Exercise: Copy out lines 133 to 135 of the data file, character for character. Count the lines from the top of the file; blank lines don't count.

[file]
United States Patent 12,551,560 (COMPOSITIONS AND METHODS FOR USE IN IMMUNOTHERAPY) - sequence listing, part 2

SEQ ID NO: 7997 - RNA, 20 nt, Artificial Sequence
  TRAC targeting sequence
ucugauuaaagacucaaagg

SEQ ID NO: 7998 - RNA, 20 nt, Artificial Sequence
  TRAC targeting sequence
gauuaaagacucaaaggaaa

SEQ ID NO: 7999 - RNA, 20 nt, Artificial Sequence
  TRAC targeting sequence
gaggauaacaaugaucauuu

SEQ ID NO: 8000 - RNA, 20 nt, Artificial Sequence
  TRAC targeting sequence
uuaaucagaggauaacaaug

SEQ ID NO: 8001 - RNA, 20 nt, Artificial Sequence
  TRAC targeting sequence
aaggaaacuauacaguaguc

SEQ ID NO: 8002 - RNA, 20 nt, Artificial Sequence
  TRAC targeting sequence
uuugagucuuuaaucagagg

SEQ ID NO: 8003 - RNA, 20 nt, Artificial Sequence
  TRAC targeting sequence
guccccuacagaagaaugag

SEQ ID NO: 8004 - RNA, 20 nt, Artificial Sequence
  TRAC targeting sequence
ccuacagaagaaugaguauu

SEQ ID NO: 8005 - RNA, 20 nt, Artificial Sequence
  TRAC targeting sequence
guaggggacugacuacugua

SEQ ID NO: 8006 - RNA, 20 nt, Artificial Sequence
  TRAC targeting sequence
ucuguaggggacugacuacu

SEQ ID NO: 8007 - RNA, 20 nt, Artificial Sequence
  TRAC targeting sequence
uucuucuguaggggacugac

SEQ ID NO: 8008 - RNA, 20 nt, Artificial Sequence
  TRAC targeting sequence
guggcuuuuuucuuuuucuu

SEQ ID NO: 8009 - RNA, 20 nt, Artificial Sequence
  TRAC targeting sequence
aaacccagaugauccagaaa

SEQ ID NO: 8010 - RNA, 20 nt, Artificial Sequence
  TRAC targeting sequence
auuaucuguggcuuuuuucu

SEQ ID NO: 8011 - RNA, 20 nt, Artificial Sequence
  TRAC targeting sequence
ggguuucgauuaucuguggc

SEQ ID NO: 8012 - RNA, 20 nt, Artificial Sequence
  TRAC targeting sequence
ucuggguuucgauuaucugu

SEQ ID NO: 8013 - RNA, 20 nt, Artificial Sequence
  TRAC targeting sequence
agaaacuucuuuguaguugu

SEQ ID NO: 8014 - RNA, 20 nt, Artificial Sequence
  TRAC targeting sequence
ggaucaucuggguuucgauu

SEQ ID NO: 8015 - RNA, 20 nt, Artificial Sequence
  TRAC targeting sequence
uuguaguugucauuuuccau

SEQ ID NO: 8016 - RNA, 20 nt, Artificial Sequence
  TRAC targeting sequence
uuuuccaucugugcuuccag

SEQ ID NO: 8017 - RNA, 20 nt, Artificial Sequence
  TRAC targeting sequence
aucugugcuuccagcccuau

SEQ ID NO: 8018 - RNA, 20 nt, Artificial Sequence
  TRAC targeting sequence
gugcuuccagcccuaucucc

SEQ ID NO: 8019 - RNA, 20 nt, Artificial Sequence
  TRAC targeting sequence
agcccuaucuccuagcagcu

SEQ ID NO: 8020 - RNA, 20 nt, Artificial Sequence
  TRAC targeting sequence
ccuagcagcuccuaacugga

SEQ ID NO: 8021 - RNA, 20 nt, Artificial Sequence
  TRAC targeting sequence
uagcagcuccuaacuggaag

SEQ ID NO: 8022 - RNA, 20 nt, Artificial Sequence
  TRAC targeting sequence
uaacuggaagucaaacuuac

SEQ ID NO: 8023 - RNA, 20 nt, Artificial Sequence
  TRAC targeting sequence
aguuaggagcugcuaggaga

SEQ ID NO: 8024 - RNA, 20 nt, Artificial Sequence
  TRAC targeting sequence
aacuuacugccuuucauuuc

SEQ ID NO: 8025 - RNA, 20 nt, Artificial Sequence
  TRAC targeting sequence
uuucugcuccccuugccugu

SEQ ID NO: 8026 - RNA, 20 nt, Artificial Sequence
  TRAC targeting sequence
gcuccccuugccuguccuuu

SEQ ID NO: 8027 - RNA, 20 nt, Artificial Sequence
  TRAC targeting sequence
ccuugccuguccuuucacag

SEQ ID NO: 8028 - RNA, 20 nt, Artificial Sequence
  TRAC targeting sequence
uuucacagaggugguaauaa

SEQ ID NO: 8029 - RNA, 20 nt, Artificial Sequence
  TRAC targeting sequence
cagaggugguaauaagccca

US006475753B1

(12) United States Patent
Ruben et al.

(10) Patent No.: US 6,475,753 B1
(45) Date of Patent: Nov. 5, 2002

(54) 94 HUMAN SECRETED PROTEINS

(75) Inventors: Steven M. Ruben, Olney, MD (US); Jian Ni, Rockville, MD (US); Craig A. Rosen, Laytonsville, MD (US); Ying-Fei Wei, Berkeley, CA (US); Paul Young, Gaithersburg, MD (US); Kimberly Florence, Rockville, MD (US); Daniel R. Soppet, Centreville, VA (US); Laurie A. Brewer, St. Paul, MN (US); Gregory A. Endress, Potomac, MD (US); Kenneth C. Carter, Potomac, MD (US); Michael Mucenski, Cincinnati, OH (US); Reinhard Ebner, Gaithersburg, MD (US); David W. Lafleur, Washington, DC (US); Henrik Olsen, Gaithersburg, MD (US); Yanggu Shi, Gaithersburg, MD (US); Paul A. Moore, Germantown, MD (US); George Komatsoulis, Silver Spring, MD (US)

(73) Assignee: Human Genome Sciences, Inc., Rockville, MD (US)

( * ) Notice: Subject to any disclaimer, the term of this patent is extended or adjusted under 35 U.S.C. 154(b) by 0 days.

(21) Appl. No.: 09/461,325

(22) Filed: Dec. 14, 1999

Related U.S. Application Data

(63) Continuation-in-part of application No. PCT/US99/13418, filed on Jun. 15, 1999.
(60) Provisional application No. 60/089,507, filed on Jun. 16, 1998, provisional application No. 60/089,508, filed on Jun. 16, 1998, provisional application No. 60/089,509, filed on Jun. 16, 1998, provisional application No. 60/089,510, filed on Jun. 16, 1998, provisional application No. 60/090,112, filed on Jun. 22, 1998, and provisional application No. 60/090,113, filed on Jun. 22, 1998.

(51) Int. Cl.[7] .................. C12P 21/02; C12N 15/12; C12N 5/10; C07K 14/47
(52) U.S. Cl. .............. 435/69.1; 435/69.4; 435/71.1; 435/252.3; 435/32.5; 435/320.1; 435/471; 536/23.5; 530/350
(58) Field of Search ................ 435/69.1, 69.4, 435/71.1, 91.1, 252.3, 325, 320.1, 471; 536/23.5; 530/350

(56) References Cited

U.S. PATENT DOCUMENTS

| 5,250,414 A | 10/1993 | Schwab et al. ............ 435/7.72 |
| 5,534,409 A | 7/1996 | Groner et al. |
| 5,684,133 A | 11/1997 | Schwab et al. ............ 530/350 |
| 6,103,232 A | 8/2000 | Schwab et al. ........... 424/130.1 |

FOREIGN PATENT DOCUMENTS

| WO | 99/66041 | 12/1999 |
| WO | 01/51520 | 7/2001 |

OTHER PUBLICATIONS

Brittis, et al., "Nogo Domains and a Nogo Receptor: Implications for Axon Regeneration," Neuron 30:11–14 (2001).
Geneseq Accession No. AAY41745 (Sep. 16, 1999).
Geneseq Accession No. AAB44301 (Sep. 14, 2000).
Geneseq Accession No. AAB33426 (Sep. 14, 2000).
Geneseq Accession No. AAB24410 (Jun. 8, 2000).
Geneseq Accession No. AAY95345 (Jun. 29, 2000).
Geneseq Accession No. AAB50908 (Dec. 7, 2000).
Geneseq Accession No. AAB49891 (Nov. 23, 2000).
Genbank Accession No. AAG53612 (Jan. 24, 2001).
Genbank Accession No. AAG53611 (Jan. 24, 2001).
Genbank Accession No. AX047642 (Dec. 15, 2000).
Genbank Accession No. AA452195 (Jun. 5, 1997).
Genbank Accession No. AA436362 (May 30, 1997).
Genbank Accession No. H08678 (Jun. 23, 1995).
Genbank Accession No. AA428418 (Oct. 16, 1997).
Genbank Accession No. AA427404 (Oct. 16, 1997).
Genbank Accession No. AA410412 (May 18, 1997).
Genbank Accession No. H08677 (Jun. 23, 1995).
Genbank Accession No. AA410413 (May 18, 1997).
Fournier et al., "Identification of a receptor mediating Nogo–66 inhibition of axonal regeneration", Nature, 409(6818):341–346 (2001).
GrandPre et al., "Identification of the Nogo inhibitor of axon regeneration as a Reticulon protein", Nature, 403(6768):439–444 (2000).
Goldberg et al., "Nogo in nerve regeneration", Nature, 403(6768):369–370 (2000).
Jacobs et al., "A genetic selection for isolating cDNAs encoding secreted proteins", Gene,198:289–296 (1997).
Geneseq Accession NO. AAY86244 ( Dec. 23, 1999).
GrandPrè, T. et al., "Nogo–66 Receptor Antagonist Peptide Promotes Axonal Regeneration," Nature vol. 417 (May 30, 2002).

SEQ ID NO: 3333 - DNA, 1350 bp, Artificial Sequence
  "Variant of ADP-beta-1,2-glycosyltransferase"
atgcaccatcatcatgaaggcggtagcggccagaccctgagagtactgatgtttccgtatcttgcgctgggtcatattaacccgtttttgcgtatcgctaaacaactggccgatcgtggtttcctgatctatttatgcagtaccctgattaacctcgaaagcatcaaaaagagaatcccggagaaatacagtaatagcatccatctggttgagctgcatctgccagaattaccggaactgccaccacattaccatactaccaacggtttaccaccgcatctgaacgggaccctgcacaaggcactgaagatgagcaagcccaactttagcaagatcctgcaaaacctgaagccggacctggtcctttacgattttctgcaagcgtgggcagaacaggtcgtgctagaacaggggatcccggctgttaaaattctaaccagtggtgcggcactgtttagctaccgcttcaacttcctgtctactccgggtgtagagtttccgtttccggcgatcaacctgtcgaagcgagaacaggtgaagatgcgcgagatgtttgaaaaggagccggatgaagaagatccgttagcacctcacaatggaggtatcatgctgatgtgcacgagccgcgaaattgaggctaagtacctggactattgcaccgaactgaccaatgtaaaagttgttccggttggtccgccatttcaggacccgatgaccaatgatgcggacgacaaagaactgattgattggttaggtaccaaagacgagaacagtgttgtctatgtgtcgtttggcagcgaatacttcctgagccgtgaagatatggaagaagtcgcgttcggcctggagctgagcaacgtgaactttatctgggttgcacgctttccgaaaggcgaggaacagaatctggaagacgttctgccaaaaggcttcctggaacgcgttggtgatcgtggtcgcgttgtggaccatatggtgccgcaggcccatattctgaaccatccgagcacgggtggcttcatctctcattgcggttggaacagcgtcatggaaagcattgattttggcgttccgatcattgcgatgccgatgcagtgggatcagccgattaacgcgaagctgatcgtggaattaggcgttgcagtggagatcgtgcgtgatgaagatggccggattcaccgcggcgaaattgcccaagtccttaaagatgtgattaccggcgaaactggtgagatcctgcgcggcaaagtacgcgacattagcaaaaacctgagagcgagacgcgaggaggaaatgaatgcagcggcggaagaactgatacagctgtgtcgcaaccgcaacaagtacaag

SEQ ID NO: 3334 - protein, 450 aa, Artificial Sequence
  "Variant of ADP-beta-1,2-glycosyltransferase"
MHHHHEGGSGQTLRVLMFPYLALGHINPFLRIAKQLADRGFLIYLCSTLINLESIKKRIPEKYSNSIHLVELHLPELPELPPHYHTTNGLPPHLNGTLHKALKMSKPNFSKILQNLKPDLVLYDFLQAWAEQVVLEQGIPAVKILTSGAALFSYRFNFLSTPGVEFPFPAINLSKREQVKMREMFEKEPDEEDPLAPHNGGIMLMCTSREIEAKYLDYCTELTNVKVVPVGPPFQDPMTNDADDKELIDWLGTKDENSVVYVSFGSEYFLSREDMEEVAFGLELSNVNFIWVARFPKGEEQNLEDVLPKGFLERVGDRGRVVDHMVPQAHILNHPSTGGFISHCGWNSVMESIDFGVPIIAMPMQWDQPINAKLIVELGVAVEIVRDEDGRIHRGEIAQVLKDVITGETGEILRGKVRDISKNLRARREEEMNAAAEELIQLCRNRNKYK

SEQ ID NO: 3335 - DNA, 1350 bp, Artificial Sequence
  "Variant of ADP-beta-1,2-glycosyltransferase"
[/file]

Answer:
Geneseq Accession No. AAY95345 (Jun. 29, 2000).
Geneseq Accession No. AAB50908 (Dec. 7, 2000).
Geneseq Accession No. AAB49891 (Nov. 23, 2000).